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Worksheet Dilemma: Teaching Without Worksheets

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Erica Cowan

on 21 July 2014

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Transcript of Worksheet Dilemma: Teaching Without Worksheets

Which Looks More Fun To You?
or THIS?
In public schools across America, the majority of the school day is spent on paper and pencil tasks. While many educators feel that worksheets demonstrate children's learning progress to parents, they typically are not developmentally appropriate in the early childhood setting.
Problem Solving
Problem solving involves an element of risk. If we would like children to solve problems, we must create safe classroom environment in which they feel confident taking risks, making mistakes, learning from them, and trying again.
It was three o'clock and preschool was over for the day. Four-year-old Audrey, her arms full of papers, called out to her mom. Audrey's mother smiled and asked, "What's all this? Your school work?" Audrey nodded and handed the papers to her mother. Audrey had spent a large part of the afternoon in her seat, pencil in hand, filling out worksheets. On one she had drawn lines from the letter "A" to the picture of an apple; from the letter "P" to the pear; and from the letter "O" to the orange. On another sheet she made her pencil go from the dot on the top line to the dot on the bottom line, thus making the lower-case letter "l." Audrey's lines were a bit shaky, and her teacher had written, "You can do better" on the page. Audrey's mother was concerned when she saw the comment and worried that her daughter was not performing well.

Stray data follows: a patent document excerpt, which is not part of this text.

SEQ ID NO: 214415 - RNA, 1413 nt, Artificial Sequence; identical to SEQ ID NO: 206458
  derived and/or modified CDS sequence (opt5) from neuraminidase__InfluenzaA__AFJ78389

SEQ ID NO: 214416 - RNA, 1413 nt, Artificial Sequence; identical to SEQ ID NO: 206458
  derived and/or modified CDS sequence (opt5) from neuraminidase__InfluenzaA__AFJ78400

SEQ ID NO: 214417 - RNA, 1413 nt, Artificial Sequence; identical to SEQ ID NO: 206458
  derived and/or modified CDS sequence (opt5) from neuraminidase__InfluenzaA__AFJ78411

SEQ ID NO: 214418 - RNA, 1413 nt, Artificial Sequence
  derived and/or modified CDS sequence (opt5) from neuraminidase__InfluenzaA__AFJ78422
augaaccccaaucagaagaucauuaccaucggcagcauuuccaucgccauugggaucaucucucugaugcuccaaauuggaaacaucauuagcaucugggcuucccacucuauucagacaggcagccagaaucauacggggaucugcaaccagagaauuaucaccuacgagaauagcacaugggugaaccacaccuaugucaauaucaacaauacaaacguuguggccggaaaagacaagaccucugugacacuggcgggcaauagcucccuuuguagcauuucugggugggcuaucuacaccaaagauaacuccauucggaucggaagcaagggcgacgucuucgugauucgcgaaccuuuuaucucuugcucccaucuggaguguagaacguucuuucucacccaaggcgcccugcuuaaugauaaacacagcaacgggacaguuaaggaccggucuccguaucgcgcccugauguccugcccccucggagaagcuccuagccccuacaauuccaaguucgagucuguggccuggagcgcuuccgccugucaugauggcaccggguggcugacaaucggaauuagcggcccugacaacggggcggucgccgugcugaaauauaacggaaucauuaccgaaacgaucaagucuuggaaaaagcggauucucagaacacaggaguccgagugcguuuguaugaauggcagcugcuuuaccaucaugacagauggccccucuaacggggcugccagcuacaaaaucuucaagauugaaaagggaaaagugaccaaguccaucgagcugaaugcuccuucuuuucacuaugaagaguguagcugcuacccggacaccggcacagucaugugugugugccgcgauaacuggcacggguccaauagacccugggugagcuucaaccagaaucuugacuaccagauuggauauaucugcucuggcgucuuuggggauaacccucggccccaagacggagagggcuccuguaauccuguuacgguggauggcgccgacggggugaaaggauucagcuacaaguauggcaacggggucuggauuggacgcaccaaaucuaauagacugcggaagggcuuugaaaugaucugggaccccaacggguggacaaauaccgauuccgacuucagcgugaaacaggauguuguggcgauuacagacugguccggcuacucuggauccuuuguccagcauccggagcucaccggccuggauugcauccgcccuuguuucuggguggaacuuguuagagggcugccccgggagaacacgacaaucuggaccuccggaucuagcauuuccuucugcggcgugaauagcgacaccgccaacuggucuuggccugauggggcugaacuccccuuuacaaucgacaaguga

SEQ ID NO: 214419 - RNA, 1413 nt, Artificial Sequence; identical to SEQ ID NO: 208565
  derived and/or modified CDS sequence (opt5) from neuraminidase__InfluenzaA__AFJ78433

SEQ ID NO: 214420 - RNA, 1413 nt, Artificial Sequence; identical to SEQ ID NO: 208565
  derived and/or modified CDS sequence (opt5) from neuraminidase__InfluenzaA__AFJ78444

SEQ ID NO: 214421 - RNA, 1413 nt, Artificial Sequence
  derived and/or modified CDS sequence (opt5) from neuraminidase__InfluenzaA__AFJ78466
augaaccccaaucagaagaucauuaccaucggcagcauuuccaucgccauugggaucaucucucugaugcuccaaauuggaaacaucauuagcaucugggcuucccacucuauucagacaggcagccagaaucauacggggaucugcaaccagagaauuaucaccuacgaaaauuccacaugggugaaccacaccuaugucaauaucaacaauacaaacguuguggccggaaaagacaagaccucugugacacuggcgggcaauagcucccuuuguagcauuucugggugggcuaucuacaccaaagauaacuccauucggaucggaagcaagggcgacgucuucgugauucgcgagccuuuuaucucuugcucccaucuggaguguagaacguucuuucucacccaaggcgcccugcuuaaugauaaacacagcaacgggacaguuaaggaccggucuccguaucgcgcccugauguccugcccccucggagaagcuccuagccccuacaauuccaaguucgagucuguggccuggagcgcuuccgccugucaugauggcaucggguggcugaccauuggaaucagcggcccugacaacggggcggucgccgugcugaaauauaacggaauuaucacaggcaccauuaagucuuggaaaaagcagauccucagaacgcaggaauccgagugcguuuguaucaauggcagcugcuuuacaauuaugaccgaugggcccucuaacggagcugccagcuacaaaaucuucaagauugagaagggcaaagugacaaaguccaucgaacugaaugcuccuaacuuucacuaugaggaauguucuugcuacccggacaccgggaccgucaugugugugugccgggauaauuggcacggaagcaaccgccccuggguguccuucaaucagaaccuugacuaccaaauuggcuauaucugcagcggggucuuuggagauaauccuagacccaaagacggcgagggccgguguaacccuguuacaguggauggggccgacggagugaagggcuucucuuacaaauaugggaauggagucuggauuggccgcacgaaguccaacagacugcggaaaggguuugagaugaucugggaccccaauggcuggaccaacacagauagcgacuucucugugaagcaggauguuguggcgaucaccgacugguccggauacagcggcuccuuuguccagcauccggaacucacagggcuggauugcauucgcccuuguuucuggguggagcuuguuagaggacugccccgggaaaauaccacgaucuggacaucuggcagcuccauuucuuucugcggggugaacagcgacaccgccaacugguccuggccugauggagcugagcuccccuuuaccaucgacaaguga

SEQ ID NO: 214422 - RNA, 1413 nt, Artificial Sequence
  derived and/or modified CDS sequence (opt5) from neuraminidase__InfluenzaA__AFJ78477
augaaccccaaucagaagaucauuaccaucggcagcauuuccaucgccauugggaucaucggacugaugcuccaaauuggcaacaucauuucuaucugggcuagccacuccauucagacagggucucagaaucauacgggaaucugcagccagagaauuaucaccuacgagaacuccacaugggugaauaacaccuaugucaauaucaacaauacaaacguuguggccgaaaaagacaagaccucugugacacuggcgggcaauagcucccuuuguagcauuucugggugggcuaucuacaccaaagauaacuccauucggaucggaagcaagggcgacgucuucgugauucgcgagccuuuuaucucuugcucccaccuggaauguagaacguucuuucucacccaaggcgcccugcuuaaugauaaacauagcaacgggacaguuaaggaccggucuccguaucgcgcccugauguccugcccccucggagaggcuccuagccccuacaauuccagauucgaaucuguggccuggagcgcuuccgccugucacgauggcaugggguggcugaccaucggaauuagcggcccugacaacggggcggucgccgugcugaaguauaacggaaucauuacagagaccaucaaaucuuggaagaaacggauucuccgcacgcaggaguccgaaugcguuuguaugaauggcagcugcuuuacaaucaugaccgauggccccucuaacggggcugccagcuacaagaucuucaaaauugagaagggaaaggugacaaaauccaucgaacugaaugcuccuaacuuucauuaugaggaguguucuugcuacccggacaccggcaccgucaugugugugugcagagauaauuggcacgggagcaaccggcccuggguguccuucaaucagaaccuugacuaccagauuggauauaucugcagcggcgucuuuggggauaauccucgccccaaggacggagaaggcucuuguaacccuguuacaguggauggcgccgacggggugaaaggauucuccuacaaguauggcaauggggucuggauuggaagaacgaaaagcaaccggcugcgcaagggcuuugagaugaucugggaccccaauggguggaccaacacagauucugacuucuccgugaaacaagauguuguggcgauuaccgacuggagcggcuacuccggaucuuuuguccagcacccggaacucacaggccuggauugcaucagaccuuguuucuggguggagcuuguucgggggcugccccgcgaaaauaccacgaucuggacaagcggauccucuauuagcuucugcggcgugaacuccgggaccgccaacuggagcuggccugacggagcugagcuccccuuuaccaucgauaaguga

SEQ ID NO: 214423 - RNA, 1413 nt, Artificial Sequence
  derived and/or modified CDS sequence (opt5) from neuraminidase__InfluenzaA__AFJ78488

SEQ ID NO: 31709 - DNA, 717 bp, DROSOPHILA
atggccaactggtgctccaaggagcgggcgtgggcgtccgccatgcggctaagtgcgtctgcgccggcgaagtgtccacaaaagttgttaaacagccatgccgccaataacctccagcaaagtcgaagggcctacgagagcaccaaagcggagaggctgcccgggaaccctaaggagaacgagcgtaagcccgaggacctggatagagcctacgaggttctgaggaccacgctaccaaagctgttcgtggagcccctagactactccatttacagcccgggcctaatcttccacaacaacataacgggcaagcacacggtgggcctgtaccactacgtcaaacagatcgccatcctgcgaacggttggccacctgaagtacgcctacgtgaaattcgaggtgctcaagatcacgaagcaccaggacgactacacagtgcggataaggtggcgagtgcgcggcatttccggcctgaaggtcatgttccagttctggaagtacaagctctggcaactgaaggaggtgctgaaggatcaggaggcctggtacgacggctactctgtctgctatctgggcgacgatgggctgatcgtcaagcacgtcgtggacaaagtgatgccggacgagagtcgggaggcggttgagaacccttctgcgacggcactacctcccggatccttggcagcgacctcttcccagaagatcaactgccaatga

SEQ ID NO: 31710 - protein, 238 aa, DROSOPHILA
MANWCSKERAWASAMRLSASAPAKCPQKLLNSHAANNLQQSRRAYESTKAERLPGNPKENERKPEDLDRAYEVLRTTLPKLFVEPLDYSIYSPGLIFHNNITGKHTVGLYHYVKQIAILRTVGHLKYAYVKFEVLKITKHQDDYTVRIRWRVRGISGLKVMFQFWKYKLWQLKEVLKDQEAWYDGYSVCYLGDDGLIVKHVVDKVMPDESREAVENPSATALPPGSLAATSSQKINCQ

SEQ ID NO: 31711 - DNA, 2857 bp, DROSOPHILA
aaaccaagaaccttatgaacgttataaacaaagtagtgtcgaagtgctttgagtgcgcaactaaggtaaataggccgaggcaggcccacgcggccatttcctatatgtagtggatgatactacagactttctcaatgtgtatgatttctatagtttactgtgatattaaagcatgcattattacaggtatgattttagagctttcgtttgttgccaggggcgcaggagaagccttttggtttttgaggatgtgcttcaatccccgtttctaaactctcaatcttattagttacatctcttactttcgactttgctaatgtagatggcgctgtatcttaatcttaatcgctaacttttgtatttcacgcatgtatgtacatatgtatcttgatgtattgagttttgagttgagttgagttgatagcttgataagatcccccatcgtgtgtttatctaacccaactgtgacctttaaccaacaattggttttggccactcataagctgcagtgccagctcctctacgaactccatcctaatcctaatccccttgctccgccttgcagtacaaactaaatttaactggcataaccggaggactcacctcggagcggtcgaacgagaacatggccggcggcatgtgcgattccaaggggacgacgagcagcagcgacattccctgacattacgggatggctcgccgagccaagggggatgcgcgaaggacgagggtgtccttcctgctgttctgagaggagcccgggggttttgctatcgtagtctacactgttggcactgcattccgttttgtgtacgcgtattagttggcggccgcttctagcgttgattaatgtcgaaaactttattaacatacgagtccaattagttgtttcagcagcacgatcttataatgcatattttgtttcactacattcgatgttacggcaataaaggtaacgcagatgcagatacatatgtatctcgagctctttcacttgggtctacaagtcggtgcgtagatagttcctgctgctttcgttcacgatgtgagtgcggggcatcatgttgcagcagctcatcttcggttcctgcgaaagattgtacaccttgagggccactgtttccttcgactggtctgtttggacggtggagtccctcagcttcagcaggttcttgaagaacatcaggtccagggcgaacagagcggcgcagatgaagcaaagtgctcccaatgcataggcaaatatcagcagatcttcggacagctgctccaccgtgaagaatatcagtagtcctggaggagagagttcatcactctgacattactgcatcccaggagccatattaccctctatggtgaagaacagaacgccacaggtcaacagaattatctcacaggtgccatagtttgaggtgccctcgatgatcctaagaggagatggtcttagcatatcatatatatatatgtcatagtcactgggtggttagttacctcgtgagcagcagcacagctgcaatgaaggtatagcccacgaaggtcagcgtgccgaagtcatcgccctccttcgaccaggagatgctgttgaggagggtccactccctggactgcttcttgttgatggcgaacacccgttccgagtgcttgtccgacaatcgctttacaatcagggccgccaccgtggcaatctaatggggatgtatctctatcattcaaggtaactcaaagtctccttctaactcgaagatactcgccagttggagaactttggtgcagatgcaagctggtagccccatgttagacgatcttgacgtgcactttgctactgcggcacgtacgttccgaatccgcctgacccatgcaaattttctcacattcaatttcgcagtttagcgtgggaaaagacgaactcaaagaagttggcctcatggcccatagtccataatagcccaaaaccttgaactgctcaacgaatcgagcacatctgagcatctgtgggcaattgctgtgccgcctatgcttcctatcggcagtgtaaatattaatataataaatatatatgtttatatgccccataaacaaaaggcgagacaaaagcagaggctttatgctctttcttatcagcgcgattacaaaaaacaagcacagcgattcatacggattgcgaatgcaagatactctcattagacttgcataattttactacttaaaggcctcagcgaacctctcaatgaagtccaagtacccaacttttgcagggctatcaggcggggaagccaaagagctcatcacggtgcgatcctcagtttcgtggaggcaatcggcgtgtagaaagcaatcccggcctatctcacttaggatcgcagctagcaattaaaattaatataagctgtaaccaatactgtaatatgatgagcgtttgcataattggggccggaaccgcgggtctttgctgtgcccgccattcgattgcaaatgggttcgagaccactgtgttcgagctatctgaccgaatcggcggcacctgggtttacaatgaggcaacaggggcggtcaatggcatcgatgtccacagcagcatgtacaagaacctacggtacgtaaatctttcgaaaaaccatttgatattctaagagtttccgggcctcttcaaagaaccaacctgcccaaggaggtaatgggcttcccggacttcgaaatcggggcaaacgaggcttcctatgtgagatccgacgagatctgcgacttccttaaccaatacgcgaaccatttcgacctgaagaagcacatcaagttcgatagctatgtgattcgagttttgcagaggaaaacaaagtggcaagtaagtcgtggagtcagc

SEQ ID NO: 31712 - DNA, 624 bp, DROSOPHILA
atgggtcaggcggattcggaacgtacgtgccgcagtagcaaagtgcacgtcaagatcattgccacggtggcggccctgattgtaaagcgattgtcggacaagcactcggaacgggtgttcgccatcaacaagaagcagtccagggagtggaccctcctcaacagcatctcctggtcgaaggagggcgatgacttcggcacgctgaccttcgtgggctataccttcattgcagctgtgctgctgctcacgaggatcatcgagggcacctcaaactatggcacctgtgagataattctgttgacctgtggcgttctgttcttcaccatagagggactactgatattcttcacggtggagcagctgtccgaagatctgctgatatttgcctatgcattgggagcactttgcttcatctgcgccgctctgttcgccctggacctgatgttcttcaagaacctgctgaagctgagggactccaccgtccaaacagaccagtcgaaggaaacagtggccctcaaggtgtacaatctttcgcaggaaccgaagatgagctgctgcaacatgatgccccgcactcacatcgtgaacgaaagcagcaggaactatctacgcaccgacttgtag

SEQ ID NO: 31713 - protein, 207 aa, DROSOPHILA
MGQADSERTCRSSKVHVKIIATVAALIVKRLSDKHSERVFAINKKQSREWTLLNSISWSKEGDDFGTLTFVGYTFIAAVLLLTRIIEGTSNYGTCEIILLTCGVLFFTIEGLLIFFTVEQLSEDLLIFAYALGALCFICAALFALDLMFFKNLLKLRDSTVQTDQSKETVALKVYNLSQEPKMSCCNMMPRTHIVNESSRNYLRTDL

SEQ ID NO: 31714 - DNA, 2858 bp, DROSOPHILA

Risk Taking
Worksheets are structured to have a "right" or "wrong" answer. Students may learn that supplying an incorrect answer can damage their self esteem. Worksheets may make students feel ignorant and incompetent, which results in children not taking risks by guessing.
Play Based Curriculum
Through a play based curriculum, children are presented with opportunities to learn about reading, writing, and math through real, meaningful situations. Setting the table for snack teaches one-to-one correspondence. Stringing beads can aide in making patterns. Through meaningful situations, children can begin to understand number, quantity, size, and other mathematical concepts.
Worksheet Dilemma: Teaching Without Worksheets
By: Erica Cowan

The activity that we just completed could have easily been assessed through a worksheet, but where is the fun in that? Through observation of students while completing each task, the same grade can be given.
Work samples, observations, checklists, and portfolios are all ways that teachers can demonstrate achievement in students. Appropriate worksheets, such as recording data and scientific experimentation are welcome, but an entire curriculum should not be based solely on pencil/paper tasks.
Tell me, and I forget.
Teach me, and I remember.
Involve me, and I learn.
-Benjamin Franklin
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